World without Wars and Violence

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Nonviolence as Spirituality

Nonviolence as Spirituality

Many consider nonviolence simply as a form of struggle for social and political change. In this sense, the figures of Mohandas Gandhi (popularly known as Mahatma) and Martin Luther King appear as champions of nonviolence.

History shows countless cases of social change achieved through nonviolent protest. This often goes unnoticed by the casual observer because usually successful nonviolent protests do not obtain the same visibility that is given to violent protests in the mass media, in the chronicles and in the historical essays. As they said in olden times: “Peace is the period between two wars.”

Another contributing factor is that social changes obtained through nonviolent protests are generally considered “normal” and therefore overlooked. Moreover, many changes achieved through violence often appear as “exceptional” and glorified as patriotism, heroism, courage, sacrifice for a cause, defending freedom, etc.

In any case, the issue is reduced to a strategy or tactic for achieving social goals, sidestepping the ethical, psychological and ultimately spiritual implications of nonviolence.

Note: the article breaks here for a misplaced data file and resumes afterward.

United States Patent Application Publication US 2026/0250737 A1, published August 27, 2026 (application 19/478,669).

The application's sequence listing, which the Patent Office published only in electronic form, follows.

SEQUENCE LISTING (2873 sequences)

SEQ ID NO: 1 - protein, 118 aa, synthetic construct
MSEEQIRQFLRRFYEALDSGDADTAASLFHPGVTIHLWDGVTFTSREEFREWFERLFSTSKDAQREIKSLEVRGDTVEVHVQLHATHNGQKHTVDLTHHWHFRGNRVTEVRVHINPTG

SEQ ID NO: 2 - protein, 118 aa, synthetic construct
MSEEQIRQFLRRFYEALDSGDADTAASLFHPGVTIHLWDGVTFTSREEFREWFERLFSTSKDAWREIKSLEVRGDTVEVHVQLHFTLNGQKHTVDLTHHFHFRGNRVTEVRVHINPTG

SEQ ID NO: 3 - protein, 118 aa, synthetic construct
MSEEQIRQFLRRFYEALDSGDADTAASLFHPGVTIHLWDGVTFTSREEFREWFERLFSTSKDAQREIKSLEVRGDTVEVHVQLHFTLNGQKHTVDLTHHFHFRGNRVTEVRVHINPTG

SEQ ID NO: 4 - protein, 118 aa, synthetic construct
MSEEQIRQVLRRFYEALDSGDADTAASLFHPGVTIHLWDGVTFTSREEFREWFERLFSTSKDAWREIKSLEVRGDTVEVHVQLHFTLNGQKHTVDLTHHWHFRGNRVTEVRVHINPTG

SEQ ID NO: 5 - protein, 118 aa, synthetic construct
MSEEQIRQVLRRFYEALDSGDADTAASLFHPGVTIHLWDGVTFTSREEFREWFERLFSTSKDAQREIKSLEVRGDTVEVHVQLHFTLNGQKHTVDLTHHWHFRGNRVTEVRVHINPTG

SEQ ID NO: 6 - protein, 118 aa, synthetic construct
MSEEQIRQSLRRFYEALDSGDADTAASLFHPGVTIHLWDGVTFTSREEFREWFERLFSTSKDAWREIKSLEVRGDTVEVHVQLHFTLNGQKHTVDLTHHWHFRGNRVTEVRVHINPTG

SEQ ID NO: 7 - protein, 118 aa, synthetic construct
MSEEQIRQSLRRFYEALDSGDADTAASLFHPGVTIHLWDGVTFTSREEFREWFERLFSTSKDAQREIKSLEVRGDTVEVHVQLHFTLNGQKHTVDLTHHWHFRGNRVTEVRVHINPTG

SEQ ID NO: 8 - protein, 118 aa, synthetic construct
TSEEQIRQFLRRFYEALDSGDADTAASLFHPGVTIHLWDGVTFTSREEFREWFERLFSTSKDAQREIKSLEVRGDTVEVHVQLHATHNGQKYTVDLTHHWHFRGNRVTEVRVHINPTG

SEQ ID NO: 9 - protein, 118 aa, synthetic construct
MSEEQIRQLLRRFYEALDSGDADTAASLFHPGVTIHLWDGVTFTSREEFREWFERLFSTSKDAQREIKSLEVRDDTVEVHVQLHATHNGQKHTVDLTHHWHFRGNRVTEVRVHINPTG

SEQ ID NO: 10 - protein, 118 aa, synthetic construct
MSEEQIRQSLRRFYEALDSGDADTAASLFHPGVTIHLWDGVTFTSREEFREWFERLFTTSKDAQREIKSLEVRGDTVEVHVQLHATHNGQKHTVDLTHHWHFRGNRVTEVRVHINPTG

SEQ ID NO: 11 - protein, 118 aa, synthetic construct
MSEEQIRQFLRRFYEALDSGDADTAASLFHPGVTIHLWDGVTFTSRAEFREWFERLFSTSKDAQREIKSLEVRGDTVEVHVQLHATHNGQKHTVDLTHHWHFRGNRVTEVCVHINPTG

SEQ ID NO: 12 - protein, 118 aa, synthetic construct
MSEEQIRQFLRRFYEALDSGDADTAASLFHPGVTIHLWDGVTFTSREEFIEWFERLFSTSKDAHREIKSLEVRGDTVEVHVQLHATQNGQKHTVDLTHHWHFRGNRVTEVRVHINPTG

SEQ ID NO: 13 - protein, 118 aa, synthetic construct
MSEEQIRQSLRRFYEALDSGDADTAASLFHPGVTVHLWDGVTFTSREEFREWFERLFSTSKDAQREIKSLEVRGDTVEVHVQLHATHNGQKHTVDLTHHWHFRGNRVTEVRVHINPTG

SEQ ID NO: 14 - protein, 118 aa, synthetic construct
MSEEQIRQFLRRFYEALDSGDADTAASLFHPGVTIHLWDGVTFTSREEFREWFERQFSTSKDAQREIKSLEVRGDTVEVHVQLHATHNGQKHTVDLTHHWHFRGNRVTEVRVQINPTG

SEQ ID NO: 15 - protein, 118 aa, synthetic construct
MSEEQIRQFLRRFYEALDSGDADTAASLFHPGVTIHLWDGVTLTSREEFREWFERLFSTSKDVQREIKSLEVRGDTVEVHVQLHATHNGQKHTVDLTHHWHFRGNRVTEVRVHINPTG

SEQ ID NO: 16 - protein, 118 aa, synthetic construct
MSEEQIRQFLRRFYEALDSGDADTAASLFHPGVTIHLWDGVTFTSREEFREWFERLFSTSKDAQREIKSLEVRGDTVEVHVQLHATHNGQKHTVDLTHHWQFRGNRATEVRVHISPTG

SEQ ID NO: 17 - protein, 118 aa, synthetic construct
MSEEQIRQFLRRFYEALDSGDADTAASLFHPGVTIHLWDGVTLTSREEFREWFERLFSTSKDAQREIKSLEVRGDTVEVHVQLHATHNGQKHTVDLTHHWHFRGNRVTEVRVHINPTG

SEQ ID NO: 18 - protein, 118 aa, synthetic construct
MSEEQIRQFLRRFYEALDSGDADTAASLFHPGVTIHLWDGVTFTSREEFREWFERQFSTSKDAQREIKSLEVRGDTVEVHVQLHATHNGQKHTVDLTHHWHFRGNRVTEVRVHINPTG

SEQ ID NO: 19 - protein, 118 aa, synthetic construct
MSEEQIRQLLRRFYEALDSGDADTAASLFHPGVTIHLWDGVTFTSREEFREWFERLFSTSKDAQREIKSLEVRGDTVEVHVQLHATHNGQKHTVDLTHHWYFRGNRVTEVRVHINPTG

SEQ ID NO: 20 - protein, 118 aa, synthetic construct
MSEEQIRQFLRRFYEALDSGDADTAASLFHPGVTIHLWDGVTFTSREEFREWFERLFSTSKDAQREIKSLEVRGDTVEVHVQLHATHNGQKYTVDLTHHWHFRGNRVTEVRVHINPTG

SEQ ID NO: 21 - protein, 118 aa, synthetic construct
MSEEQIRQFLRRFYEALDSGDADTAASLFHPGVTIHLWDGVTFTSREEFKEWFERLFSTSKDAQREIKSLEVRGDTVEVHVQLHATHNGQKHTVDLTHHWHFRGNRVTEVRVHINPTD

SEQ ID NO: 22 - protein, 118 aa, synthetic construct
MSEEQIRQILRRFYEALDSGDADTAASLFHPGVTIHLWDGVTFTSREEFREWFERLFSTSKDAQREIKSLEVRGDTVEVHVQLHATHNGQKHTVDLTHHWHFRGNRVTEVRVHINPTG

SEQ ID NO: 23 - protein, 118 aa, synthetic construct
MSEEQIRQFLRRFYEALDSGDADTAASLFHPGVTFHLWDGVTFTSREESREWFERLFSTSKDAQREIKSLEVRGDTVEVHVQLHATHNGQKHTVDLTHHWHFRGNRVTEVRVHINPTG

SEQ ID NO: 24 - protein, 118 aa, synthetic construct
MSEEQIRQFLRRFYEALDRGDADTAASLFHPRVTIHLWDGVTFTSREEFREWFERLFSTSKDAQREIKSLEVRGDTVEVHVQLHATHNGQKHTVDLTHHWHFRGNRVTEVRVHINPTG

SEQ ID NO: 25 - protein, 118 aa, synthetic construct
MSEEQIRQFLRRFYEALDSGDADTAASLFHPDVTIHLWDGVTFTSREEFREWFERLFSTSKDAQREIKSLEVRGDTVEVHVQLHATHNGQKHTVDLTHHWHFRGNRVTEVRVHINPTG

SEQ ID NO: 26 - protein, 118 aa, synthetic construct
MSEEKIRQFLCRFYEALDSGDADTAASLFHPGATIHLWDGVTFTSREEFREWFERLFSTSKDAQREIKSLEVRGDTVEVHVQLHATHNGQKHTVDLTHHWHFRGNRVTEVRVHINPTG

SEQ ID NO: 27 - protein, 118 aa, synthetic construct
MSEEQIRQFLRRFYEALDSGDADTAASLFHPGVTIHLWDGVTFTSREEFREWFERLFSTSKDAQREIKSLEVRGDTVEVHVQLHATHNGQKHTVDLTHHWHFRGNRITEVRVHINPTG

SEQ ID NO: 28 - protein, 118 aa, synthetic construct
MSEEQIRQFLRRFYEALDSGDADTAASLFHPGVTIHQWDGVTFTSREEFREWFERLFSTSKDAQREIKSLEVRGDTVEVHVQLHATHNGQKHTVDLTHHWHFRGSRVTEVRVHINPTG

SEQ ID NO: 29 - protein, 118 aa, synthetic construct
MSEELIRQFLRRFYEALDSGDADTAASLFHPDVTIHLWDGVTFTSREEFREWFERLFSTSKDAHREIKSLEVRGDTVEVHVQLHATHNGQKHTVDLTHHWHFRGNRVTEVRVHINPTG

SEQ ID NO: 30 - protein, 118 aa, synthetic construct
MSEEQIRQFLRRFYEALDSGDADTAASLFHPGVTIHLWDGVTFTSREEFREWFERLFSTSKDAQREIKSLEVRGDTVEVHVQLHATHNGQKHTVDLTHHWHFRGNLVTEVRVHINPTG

But many centuries before this, nonviolence was an essential part of religiosity: thanks to the Jainists and the Buddhists it appeared for the first time in a framework of spirituality at least 2,500 years ago and since then it has led to countless achievements in the social, political and cultural fields.

So nonviolence dawns in the field of spirituality and only many centuries later is it stated explicitly as a method of struggle for social change. Then it is possible to understand that nonviolent action is inspired, driven and guided by such a spirituality. This is the most powerful internal motor that active nonviolence can have.

The rebellion against all forms of violence (open or hidden, internal or external) overcomes the pain and suffering in human beings. Overcoming pain and suffering liberates human consciousess for more advanced evolutionary steps. So any action aimed to the welfare of others, to their freedom and happiness, acquires a spiritual value; nonviolence has a spiritual value if it is inspired and guided by love and compassion.

In order to manipulate populations, spirituality was often separated from active participation in social issues, while in our view they do not appear in any way antagonistic, but synergistic and comprehensive.

Our ability to produce great changes will be proportional to the social mystique that encourages our actions.